Merit Badges (MBs) Merit badges are required for rank advancement from First Class to Eagle. There are more than 130 merit badges in the Scouting program and they offer Scouts an opportunity to explore areas in which they may not have engaged otherwise. A list of merit badges can be found in the Scout Handbook. There are merit badges for many areas of interest, such as sports, hobbies, careers and Scouting skills. A scout must earn a total of 21 merit badges to achieve the rank of Eagle. Out of the 21 merit badges, there are 14 specifically required for the rank of Eagle and are trimmed in silver thread. Eagle-required merit badges include:
Citizenship in the Community
Citizenship in the Nation
Citizenship in the Society
Citizenship in the World
Emergency Preparedness -OR- Lifesaving
Environmental Science -OR- Sustainability
Swimming -OR- Hiking -OR- Cycling
The typical steps in earning a merit badge includes:
Scout requests a MB Counselor to work with from the Advancement Chair.
Scout meets with MB Counselor and works on requirements.
Counselor signs off on completed requirements.
Scout obtains sign off from Advancement Chair.
Safekeeping In Scouting, the Scout must prove he or she completed all the requirements. So, it is extremely important to safe-keep all your formal advancement records and supporting information. Please visit our Advancement page to learn more about safekeeping.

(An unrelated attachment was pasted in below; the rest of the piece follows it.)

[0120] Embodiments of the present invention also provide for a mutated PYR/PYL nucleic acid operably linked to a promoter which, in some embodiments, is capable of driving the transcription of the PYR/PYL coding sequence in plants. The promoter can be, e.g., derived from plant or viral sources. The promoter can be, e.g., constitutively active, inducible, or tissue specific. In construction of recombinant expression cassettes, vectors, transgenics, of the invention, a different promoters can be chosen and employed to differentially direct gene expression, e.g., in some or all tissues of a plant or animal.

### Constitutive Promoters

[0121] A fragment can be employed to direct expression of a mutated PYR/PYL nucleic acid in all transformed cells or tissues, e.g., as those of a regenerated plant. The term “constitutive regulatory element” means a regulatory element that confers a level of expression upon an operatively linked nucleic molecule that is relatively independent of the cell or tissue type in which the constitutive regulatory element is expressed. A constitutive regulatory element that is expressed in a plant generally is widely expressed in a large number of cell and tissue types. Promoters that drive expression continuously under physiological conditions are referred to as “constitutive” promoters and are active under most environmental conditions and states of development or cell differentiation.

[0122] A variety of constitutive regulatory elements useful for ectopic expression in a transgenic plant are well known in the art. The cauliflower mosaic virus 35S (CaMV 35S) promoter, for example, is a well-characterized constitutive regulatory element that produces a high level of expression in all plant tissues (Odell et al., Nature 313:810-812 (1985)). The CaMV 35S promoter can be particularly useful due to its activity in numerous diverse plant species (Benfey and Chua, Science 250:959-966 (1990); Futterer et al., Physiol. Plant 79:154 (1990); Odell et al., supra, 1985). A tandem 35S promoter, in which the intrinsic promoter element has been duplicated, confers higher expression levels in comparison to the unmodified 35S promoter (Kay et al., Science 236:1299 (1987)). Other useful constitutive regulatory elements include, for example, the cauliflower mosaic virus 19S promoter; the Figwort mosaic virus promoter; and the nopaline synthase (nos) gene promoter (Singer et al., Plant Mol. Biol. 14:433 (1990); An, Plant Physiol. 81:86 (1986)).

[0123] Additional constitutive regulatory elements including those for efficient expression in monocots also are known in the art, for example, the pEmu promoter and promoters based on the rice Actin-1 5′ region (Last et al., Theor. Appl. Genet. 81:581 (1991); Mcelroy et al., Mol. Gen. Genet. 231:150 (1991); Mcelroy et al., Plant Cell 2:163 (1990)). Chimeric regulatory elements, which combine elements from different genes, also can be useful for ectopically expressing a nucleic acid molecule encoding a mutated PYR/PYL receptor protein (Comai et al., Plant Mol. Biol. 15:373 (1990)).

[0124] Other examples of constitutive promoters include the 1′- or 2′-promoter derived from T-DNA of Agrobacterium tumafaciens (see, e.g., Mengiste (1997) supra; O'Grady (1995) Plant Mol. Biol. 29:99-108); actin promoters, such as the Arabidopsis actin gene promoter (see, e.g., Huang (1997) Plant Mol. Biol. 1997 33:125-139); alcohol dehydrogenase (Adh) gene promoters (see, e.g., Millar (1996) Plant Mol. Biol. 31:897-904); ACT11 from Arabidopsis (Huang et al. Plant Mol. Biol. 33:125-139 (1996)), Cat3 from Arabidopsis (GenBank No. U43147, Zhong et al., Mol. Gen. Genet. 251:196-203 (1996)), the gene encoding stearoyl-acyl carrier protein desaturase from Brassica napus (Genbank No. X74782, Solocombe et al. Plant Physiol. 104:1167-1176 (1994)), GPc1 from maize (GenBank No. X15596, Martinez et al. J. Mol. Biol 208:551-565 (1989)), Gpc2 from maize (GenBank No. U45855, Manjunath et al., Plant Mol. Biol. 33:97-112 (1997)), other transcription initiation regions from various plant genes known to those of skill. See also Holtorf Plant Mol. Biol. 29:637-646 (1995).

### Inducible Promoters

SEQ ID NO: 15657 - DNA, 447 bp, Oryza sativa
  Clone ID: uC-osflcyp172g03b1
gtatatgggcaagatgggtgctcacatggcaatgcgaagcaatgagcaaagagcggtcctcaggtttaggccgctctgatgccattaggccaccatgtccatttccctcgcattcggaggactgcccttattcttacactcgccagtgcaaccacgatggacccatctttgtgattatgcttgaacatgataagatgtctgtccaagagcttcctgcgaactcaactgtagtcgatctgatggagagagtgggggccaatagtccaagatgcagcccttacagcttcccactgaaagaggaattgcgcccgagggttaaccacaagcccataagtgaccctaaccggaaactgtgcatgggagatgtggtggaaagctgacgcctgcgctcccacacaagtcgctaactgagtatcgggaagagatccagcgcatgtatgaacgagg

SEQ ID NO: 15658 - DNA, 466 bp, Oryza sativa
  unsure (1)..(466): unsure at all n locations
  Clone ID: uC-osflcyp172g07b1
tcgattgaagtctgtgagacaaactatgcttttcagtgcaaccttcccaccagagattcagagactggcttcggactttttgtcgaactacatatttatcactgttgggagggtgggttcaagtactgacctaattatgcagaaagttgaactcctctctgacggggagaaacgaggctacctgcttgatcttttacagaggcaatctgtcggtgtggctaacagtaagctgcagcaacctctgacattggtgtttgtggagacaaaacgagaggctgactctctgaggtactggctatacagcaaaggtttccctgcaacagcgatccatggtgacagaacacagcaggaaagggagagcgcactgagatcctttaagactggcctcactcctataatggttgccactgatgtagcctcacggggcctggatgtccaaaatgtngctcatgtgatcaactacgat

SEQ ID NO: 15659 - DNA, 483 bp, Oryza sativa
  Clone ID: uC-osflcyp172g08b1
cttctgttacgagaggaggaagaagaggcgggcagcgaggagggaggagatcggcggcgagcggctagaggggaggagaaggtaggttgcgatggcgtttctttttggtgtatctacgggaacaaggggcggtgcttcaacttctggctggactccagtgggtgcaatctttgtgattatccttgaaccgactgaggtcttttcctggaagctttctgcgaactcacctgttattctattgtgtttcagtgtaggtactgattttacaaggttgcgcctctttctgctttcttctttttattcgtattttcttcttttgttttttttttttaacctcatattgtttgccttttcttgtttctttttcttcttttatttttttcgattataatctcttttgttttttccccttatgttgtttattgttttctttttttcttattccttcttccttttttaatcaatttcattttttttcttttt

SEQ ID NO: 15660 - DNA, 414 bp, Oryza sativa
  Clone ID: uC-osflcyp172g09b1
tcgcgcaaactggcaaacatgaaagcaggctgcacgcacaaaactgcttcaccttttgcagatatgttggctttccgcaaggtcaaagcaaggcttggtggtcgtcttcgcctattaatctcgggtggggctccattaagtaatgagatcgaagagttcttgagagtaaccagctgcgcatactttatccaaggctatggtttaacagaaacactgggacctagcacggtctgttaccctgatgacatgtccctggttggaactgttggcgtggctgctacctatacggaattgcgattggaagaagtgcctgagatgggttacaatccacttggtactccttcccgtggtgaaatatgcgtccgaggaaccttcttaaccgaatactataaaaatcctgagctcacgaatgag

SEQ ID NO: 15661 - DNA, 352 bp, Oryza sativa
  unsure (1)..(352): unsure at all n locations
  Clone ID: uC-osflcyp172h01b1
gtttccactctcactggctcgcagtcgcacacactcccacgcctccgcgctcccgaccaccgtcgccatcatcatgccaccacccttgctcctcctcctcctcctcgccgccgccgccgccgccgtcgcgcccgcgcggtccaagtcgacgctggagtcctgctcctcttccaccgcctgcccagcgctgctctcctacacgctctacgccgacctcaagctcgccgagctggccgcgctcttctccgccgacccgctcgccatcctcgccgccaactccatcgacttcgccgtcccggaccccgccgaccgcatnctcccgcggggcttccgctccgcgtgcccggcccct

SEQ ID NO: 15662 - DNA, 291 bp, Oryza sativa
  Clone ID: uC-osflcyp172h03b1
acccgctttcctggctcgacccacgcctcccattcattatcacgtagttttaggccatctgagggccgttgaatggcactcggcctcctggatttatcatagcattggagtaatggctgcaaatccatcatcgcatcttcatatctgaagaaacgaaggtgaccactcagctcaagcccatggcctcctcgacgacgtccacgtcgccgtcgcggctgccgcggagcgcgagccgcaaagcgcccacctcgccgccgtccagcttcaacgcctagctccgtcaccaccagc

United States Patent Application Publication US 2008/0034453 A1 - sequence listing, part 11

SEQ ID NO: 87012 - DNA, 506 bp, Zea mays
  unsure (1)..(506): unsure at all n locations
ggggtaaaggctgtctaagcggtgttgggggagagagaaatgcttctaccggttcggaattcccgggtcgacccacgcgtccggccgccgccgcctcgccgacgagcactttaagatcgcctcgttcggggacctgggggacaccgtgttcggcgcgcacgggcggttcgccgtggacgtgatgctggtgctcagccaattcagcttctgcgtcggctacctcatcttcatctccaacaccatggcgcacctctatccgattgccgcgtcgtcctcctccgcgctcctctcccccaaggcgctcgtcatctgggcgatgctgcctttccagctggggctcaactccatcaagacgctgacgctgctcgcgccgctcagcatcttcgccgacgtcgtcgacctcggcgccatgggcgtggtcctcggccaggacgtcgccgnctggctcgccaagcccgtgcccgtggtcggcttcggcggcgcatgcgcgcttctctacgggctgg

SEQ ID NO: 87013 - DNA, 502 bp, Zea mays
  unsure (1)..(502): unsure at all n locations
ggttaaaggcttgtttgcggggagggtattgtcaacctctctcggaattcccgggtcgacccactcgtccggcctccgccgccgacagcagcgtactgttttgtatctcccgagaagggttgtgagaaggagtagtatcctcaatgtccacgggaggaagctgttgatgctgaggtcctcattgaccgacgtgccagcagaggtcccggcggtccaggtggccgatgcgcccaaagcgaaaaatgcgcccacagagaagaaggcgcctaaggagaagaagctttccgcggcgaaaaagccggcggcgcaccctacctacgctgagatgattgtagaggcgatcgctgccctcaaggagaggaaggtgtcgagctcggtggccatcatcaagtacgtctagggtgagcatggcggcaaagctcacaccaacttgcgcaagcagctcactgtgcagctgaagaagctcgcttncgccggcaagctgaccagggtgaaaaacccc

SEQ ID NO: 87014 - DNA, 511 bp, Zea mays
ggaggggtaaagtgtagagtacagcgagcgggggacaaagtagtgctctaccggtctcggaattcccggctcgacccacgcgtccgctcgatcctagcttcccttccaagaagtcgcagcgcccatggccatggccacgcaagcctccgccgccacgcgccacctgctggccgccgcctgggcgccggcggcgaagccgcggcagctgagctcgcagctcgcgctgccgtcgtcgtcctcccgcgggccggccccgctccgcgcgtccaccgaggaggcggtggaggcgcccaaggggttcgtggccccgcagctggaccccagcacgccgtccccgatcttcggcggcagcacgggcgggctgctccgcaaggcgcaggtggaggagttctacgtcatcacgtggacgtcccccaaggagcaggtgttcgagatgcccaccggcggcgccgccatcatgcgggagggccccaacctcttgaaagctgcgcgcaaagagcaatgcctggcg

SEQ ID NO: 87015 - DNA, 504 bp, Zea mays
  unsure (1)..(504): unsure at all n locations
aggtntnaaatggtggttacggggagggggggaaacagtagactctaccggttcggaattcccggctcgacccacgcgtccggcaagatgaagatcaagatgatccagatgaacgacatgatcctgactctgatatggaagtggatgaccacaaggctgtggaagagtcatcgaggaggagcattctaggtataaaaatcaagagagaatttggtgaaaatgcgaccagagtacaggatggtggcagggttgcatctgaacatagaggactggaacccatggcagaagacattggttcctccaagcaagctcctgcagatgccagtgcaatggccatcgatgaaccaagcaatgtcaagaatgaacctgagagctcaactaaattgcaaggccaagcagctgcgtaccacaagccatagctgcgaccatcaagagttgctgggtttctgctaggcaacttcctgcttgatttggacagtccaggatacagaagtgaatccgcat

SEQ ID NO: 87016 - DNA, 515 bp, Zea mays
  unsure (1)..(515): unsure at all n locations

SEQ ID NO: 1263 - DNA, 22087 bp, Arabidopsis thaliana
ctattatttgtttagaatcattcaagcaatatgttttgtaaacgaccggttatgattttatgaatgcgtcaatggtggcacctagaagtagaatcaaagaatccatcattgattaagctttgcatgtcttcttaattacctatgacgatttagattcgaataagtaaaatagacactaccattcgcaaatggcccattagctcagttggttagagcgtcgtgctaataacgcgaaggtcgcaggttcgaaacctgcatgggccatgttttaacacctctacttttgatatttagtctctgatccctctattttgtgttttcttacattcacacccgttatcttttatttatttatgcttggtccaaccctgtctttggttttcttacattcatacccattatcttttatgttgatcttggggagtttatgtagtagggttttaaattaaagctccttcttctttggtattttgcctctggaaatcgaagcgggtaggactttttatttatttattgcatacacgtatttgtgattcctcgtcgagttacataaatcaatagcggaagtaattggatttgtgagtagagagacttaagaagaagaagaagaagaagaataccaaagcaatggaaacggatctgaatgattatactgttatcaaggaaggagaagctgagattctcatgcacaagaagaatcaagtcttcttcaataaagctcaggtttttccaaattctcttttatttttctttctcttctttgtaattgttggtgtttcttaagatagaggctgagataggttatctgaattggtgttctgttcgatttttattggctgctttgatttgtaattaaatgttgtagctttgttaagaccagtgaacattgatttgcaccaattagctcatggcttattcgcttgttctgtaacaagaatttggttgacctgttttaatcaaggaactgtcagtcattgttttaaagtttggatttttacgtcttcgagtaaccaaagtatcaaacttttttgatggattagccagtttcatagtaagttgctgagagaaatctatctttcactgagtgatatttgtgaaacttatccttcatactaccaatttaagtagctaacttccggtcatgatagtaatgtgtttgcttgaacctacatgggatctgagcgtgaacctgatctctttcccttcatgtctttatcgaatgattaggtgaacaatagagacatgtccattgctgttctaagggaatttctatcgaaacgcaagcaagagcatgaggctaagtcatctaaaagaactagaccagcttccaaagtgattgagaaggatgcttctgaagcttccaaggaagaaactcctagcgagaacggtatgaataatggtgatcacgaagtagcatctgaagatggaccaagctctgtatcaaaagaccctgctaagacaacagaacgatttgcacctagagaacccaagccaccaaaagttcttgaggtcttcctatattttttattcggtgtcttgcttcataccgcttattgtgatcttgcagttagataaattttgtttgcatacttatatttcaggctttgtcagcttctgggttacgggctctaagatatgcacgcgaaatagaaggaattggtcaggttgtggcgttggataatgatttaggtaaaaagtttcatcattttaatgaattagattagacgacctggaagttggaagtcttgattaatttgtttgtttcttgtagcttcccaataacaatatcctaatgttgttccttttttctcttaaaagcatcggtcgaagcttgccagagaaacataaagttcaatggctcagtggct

Medical Forms and Permission Slips Medical Forms: Two copies have to be turned in each year. Keep original. Medical conditions, vaccinations and insurance information are critical. If the Scout is going in for a physical or health assessment, take along a BSA medical form to be filled out. If any changes occur during the year, please inform Scoutmaster. Outside Activity Hints
Put clothes in Ziploc-type bags to keep clean and dry. Usually 1 day per bag. (Nice when they come back, know what is clean and what is not).
Regular tennis shoes don’t work for hiking, camping, and outdoor wet/cold weather activities. Pack extra dry socks (not cotton).
Select clothing that wicks away moisture. Cotton holds moisture and loses ability to insulate. Cotton t-shirts can work during the summer.